2008 ITI Undergraduate Summer Intern Program Underway
Nineteen undergraduate students from around the world were selected to receive 2008 summer internships from the Information Trust Institute (ITI) at the University of Illinois, and the program is now underway.
This year marks the second offering of the annual undergraduate research program, which attracted greatly increased interest following the success of last year's inaugural offering. Last year 18 winners were selected from 40 applicants; this year's winners were selected from 94 applications.
The winning students are participating in 8- to 10-week research projects at the University of Illinois at Urbana-Champaign, supervised by ITI researchers in a number of information trust research areas. The awards, which are supported by state and federal funds, include intern stipends and, in some cases, an allocation for travel expenses. This year, faculty mentors participating in the program are from the Illinois departments of Computer Science, Electrical & Computer Engineering, Aerospace Engineering, Mechanical Science & Engineering, and Civil & Environmental Engineering, as well as the National Center for Supercomputing Applications and the Coordinated Science Laboratory.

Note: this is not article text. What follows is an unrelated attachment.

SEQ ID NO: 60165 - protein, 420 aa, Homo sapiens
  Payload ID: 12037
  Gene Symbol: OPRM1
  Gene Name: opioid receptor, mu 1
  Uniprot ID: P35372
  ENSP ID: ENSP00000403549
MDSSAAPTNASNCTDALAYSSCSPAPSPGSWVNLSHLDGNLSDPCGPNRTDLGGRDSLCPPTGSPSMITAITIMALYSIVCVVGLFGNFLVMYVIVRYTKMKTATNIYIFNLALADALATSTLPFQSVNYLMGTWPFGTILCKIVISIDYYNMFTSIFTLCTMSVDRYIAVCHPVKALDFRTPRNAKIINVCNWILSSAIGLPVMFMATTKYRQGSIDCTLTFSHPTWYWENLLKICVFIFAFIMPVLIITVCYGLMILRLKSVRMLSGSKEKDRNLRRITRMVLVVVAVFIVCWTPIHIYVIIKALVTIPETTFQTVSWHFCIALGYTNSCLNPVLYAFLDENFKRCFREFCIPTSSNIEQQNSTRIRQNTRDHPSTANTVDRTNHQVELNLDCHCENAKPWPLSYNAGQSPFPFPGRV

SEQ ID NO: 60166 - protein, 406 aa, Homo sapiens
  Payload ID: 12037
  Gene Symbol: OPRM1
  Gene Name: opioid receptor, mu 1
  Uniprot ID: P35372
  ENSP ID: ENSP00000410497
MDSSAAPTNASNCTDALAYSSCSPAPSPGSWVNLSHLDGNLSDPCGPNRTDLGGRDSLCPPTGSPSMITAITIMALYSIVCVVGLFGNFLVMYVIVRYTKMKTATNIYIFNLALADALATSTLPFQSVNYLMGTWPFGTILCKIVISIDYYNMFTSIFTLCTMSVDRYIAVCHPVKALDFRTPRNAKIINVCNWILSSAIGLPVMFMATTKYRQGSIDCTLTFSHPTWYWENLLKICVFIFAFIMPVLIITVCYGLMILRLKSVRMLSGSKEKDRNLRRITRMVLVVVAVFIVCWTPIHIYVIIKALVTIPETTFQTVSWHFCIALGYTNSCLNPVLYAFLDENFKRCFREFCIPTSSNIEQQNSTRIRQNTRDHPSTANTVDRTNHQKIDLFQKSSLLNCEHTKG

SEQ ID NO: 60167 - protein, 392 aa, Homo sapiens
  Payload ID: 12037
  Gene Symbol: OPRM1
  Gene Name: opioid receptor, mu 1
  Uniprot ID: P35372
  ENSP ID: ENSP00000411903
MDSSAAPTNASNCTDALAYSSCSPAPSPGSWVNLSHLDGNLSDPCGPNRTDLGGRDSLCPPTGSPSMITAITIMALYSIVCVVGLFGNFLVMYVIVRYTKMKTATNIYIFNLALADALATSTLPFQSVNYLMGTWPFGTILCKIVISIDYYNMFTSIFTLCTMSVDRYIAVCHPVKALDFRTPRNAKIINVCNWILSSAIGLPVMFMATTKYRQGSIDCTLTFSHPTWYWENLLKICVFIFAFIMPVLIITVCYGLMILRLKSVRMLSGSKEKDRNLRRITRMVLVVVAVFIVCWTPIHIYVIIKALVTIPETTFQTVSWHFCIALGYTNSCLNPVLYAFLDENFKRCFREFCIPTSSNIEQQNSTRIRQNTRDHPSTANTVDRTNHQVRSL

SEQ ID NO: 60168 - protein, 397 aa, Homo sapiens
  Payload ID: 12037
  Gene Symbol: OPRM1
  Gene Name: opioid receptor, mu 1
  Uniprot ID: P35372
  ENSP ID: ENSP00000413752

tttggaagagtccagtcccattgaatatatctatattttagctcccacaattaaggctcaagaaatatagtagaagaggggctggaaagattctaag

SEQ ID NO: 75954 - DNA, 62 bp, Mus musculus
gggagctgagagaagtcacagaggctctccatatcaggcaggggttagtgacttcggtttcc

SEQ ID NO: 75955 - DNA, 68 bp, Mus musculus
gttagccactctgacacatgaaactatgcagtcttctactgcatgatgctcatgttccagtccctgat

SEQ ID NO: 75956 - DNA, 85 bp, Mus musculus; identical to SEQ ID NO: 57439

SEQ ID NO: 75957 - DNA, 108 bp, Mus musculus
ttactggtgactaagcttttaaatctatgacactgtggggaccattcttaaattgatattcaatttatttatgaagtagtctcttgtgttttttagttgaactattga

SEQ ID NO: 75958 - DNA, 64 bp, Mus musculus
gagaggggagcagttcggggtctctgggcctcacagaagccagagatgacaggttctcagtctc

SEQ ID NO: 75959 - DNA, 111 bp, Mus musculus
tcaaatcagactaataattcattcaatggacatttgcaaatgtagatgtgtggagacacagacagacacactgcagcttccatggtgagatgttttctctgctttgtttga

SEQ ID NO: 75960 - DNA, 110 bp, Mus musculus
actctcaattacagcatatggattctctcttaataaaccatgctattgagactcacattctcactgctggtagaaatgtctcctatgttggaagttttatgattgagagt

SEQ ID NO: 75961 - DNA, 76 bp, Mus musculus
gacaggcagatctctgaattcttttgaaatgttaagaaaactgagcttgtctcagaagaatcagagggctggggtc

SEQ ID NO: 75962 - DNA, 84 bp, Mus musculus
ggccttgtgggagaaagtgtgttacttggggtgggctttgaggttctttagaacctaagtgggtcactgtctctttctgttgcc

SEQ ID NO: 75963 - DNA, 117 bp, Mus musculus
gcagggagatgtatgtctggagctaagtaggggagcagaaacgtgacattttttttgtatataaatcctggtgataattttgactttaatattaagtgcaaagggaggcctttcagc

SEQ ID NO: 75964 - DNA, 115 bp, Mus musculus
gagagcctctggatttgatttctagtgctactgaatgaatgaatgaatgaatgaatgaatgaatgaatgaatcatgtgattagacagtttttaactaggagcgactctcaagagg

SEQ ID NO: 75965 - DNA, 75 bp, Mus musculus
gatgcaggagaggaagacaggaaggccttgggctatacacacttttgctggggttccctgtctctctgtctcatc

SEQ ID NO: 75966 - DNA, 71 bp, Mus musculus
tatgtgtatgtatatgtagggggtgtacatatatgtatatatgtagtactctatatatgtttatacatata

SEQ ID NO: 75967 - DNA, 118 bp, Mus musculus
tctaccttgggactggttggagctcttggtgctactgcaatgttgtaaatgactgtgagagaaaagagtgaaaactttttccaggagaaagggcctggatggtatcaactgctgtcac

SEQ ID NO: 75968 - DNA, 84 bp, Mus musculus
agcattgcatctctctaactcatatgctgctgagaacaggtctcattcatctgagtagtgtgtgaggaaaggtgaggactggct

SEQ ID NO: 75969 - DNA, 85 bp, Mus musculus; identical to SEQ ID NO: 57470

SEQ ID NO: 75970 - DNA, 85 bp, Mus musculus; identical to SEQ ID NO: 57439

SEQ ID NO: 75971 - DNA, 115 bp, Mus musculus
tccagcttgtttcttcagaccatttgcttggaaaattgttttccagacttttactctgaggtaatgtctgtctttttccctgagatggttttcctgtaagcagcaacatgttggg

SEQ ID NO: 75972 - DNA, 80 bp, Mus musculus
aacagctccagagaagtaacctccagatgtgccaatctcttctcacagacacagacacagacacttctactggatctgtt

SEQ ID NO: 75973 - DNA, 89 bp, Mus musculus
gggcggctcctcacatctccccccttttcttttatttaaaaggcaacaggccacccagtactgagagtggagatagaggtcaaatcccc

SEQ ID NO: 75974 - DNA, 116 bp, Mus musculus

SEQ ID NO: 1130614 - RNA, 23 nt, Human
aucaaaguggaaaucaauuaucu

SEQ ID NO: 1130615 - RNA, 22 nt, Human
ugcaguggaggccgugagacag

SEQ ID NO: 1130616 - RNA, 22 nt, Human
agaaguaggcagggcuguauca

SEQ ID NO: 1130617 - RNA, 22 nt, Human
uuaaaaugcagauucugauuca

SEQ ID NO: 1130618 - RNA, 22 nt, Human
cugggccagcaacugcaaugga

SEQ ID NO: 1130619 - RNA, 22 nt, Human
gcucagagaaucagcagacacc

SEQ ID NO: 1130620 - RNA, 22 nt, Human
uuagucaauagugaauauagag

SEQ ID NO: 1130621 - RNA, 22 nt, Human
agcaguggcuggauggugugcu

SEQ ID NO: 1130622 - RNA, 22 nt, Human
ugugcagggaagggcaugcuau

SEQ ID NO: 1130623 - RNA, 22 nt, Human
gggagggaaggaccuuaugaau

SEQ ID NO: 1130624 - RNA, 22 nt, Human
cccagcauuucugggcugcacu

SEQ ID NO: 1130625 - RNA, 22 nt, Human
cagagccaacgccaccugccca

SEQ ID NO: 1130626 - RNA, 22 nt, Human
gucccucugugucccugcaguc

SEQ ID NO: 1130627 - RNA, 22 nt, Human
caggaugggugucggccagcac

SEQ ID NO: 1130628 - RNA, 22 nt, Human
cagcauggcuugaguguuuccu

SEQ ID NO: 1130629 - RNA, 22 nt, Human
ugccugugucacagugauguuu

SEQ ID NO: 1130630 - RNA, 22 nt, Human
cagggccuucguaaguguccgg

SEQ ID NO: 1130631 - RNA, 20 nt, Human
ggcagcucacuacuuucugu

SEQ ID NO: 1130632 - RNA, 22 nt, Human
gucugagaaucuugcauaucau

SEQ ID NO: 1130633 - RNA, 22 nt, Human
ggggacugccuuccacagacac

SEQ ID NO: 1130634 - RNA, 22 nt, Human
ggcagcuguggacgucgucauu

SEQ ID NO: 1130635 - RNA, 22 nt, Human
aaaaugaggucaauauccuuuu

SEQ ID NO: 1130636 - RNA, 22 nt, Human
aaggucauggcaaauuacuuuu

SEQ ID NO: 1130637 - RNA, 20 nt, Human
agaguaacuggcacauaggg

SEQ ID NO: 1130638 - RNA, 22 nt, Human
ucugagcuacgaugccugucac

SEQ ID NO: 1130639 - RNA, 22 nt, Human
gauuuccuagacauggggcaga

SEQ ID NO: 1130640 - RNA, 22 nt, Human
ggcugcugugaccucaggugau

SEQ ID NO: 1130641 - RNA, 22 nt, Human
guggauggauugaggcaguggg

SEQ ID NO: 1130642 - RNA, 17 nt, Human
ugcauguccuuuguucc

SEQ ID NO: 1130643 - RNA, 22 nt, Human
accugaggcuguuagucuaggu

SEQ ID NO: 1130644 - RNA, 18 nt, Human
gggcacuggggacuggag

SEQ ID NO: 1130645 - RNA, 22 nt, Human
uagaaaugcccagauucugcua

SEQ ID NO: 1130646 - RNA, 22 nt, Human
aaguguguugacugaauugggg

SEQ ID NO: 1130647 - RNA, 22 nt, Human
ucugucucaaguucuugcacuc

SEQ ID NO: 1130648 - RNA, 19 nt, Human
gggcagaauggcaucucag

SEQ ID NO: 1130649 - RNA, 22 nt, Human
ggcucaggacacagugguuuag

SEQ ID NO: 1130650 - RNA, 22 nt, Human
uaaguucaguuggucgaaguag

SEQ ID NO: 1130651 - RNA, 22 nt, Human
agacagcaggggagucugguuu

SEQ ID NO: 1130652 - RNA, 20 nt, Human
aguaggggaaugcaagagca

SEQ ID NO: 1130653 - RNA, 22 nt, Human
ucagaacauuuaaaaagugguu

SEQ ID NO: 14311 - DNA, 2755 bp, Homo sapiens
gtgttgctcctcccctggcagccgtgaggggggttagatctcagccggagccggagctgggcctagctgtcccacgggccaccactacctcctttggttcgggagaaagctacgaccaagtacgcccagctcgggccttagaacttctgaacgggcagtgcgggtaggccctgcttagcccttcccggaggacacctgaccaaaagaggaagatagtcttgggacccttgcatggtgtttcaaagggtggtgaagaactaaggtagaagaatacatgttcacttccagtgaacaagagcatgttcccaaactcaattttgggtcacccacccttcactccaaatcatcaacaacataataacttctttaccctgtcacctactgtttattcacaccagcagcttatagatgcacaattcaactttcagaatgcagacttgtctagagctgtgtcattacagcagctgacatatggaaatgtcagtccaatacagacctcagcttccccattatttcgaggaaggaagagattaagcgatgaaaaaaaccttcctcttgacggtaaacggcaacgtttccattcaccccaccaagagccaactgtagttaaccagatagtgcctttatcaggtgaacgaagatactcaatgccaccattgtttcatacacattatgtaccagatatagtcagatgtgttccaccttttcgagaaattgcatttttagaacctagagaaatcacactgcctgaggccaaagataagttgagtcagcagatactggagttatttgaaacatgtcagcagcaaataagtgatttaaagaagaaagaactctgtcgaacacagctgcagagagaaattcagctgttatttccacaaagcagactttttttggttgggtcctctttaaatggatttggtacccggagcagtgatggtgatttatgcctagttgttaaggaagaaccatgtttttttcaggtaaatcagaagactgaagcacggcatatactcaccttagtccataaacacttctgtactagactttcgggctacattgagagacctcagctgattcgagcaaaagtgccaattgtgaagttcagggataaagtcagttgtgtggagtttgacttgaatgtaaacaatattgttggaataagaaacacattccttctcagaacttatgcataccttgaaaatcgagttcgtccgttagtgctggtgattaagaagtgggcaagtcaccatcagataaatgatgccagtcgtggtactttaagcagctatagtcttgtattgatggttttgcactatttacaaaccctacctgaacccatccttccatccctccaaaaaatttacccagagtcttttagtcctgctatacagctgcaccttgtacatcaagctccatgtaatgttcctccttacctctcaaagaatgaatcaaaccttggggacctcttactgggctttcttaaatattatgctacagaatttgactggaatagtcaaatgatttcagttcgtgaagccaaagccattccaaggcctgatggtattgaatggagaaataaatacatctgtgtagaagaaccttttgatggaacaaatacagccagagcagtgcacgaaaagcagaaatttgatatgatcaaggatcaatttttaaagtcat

In addition to working individually with faculty on real-world research projects, interns will attend weekly events at which professors present talks on various relevant topics, such as research ethics and overviews of research work ongoing at Illinois. The summer program will culminate in a poster session at which all of the interns will present the results of their work.
Below is a list of the successful applicants and their faculty mentors.
- Pooja Agarwal of the Manipal Institute of Technology, India, will work with Dr. Himanshu Khurana on attribute-based messaging.
- Igor Andjelkovic of the University of Belgrade, Serbia, will work with Prof. Darko Marinov on improving the performance of Java PathFinder, a tool for finding violations of safety properties in programs.
- Aman Bhatia of IIT-Kanpur, India, will work with Prof. Vikram Adve on designing and implementing compiler algorithms for a parallel programming language.
- Varsha Chittawar of IIT-Kharagpur, India, will work with Prof. Ravi Iyer on documenting and supporting a detailed compiler-based error detection technique.